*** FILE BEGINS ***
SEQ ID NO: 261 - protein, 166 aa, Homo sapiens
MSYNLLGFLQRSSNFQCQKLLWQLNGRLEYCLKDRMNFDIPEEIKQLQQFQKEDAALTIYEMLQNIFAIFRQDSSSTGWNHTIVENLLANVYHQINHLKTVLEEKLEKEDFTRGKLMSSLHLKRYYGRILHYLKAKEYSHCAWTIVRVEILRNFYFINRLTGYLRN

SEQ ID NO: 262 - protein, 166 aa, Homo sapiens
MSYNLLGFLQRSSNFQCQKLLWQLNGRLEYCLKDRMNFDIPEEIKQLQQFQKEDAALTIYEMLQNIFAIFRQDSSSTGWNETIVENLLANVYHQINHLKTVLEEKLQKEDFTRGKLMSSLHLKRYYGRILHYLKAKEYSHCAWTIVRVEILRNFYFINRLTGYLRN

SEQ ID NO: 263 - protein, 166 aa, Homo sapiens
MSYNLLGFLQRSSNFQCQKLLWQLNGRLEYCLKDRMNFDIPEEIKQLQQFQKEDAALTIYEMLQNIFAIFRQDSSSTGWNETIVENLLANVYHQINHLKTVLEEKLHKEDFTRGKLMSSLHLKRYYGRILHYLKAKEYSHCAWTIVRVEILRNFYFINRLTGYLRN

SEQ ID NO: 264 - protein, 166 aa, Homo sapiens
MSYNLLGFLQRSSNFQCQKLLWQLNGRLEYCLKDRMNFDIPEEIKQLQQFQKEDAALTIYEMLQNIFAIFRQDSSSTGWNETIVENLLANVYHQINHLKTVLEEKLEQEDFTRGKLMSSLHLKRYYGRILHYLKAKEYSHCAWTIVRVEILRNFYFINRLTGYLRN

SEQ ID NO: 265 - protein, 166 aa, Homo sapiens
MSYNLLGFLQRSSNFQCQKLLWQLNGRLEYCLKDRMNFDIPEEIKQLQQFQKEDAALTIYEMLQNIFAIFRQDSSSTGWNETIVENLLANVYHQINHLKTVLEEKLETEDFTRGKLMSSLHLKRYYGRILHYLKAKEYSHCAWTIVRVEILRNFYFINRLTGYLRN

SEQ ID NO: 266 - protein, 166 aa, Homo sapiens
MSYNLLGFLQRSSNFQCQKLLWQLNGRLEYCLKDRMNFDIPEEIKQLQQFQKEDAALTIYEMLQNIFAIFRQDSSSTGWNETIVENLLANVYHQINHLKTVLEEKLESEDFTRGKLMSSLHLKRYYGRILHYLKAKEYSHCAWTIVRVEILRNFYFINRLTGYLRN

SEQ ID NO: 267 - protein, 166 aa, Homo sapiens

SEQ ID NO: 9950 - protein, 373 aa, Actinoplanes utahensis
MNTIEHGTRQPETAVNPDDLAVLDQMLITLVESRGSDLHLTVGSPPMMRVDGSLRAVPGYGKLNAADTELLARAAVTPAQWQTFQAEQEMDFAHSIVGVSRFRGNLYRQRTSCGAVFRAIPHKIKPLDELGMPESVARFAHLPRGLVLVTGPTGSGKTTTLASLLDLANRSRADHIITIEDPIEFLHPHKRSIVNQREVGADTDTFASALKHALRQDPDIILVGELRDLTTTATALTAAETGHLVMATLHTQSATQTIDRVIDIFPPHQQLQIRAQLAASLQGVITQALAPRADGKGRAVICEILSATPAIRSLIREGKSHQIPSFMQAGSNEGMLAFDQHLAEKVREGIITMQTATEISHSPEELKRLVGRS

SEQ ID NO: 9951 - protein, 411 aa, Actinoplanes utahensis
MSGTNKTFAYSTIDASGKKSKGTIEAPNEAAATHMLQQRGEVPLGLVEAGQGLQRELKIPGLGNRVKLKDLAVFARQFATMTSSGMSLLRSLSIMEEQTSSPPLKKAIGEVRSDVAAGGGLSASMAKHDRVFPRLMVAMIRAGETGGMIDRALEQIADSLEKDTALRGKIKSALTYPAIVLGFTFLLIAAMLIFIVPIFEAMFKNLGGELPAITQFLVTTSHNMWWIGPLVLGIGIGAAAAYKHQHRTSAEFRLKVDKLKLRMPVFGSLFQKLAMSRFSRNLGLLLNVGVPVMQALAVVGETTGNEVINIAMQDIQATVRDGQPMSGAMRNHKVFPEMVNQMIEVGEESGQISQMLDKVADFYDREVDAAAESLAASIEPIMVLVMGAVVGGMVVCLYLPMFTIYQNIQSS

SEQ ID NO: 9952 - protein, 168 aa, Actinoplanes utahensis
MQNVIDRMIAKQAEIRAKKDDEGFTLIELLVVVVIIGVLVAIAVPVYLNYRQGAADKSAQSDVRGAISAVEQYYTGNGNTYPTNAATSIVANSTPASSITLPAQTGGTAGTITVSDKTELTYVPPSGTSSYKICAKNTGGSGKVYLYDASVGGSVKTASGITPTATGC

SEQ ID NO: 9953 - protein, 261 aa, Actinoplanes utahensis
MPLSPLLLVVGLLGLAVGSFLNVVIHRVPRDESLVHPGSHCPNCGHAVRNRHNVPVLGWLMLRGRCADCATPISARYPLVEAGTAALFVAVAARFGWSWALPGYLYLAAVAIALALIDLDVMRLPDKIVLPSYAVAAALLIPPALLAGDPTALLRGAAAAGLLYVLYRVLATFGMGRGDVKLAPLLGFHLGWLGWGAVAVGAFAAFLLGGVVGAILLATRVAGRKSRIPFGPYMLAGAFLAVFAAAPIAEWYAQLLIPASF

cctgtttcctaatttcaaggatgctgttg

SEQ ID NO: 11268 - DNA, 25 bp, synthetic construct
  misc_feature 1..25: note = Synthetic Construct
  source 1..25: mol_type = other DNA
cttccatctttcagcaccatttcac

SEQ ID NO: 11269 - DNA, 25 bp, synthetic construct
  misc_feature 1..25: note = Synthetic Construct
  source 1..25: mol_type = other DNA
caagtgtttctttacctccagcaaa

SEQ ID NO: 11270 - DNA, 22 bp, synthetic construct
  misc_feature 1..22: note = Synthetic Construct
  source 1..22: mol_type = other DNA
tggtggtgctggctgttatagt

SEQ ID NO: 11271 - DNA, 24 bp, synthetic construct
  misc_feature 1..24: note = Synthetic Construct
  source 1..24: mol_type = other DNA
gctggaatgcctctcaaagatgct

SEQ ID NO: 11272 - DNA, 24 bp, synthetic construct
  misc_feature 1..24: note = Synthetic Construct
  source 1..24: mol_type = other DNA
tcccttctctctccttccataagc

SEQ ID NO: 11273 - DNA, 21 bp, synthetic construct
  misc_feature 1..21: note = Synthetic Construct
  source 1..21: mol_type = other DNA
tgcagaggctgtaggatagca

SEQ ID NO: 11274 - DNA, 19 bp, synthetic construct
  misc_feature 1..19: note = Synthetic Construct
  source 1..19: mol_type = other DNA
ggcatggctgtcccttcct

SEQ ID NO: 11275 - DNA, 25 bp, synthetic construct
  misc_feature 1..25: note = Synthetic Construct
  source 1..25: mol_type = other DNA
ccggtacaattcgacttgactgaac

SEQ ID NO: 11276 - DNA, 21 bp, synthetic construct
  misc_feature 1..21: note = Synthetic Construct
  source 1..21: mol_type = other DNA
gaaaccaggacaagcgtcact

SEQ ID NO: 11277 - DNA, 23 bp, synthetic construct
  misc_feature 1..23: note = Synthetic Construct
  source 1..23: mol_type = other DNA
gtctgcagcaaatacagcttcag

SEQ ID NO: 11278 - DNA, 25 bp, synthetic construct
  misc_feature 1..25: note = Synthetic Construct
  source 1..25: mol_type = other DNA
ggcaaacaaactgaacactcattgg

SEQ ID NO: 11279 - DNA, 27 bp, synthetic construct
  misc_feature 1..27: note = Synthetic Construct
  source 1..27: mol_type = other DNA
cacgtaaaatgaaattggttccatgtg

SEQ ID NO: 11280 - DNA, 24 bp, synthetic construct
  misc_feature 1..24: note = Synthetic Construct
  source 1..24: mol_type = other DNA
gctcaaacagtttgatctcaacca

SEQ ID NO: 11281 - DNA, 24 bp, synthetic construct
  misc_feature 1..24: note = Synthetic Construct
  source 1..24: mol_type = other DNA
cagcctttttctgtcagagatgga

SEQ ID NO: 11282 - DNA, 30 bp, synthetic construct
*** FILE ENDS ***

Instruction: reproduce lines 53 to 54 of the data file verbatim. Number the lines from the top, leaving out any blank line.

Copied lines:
  source 1..25: mol_type = other DNA
ccggtacaattcgacttgactgaac